HK film boss Charles Heung may face casino probe
US$100,000 credit transfer for alleged triad chief could land Las Vegas casino in trouble
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A gambling credit transfer of US$100,000 for a Hong Kong film company executive could be investigated by casino regulators in America because of his alleged triad links.
The transfer was on behalf of Charles Heung Wah-keung, chairman of Hong Kong-listed China Star Entertainment, from Sands' Venetian Las Vegas to the Sands Macau in January 2009.
The co-operation with an alleged crime boss may draw the attention of Nevada gambling regulators, who are charged with stopping casinos from bringing "disrepute" on the state. The transfer was revealed on a list of customer accounts seen by Reuters at a time when Sands is the focus of several government investigations.
A 1992 US Senate subcommittee probe into Asian organised crime identified Heung as one of the leaders of the powerful Sun Yee On triad.
Heung's alleged triad links were also cited by a member of Nevada's Gaming Control Board at a 2007 hearing about an employee of another casino, according to sources.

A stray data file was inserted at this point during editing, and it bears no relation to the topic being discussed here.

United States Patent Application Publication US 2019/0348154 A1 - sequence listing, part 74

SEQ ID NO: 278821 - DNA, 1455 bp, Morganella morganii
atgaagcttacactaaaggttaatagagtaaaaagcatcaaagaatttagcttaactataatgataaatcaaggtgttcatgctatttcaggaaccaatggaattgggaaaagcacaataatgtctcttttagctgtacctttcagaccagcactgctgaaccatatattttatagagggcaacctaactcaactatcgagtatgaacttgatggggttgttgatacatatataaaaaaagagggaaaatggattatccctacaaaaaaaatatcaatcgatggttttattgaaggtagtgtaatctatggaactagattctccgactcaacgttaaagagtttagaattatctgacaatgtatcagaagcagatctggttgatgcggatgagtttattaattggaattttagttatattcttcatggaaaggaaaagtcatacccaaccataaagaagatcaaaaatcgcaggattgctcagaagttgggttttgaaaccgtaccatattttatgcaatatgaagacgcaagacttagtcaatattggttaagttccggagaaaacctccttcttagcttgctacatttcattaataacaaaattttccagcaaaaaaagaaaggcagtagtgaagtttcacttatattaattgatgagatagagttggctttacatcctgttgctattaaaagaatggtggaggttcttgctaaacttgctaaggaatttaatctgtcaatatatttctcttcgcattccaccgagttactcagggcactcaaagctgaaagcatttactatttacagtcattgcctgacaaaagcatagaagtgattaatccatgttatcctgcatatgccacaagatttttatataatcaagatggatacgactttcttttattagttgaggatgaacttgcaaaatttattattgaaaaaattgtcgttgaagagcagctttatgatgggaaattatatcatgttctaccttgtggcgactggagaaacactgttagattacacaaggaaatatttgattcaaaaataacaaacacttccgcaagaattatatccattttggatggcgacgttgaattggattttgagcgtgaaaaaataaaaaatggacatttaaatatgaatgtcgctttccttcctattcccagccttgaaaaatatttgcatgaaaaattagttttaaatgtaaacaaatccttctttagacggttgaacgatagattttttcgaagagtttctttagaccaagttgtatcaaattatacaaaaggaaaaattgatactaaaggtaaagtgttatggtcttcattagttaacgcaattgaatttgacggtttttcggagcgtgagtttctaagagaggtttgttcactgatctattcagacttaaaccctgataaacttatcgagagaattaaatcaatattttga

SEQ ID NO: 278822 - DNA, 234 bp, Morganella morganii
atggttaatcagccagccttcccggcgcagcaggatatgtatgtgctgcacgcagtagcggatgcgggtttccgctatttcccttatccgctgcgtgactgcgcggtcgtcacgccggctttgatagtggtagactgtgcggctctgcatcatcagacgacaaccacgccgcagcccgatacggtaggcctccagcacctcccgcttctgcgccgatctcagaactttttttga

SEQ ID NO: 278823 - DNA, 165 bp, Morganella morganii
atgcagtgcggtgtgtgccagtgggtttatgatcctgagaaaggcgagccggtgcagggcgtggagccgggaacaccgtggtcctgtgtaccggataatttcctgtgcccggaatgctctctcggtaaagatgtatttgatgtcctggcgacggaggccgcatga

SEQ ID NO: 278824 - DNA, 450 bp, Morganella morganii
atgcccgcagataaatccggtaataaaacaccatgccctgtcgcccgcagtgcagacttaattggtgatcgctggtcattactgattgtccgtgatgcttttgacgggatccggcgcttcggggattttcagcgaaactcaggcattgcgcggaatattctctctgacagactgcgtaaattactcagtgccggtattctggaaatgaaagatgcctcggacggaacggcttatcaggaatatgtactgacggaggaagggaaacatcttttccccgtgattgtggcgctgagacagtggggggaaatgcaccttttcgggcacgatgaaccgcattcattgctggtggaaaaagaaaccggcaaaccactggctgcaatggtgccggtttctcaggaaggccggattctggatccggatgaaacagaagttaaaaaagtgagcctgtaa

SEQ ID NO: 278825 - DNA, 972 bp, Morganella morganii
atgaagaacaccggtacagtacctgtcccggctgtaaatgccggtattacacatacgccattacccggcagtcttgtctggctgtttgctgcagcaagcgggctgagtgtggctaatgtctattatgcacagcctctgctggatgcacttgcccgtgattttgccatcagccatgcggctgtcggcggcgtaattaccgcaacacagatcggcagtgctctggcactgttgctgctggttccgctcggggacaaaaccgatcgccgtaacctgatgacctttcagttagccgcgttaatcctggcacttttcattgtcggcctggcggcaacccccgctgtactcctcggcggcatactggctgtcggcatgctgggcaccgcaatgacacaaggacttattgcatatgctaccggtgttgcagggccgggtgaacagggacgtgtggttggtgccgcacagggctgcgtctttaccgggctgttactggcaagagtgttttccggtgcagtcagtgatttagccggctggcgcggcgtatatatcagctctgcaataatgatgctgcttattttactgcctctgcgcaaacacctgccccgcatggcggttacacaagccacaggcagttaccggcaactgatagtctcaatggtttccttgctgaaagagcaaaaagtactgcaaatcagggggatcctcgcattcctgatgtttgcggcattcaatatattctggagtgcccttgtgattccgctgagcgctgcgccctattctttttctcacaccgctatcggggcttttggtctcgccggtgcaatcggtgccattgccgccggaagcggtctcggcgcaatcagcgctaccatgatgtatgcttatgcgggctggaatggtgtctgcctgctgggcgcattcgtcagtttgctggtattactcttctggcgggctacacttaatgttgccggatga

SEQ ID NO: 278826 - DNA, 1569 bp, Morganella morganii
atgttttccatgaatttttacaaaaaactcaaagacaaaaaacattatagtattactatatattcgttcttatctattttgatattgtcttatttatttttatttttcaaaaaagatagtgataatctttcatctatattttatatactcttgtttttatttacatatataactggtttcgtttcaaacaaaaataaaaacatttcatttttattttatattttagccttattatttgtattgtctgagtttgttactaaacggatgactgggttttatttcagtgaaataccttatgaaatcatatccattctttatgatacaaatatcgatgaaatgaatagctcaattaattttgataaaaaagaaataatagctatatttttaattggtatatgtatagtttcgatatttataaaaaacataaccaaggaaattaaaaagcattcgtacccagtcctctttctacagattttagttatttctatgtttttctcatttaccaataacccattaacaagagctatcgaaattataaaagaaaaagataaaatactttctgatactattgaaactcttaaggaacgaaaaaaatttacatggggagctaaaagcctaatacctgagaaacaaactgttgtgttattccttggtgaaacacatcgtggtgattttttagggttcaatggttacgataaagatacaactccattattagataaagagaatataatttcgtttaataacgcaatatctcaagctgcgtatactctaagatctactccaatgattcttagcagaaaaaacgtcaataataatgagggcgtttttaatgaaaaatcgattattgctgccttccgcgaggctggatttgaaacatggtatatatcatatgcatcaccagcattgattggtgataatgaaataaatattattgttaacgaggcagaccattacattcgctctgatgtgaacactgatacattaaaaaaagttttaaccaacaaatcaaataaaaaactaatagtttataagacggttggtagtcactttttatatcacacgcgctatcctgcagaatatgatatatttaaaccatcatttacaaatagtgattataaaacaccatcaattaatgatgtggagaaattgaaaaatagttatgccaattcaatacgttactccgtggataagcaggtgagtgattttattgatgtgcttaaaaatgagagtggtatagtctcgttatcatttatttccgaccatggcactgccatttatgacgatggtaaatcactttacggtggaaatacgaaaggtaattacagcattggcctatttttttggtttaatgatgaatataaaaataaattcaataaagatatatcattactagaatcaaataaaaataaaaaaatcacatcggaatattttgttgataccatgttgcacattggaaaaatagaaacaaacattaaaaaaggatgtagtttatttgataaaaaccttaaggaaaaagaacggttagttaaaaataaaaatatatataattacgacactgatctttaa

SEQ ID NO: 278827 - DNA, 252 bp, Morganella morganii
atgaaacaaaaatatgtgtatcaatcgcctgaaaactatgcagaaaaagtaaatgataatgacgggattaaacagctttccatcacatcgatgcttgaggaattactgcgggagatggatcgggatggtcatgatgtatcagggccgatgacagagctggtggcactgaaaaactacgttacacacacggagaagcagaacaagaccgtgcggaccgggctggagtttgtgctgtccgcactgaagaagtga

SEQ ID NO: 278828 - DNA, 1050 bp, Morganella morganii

A former actor, Heung has been candid about his family's links to triads in the past, but has staunchly denied personal involvement. He has corporate interests spanning entertainment, tourism, gaming and film production.
He has never been convicted of being a triad member. Heung's secretary said on Friday he was "not accepting interviews".
Sands, controlled by billionaire Sheldon Adelson, is under investigation by US and Nevada regulators for payments that raised bribery concerns under the Foreign Corrupt Practices Act. The probe was launched after evidence given in a wrongful termination lawsuit by a former Sands China chief executive.
While the transfer of a credit for a client might not in itself raise problems, it could have regulatory repercussions if the client is linked to organised crime.
This is because Nevada regulators have broad authority to take action against casinos whose associations bring the state into "disrepute".
Nelson Rose, a professor who has advised casinos and state regulators, said the Nevada Gaming Control Board - which has the power to seek management changes or even local licence suspension - would be compelled to take action because the transactions originated in the state.
A Gaming Control Board official failed to give a comment.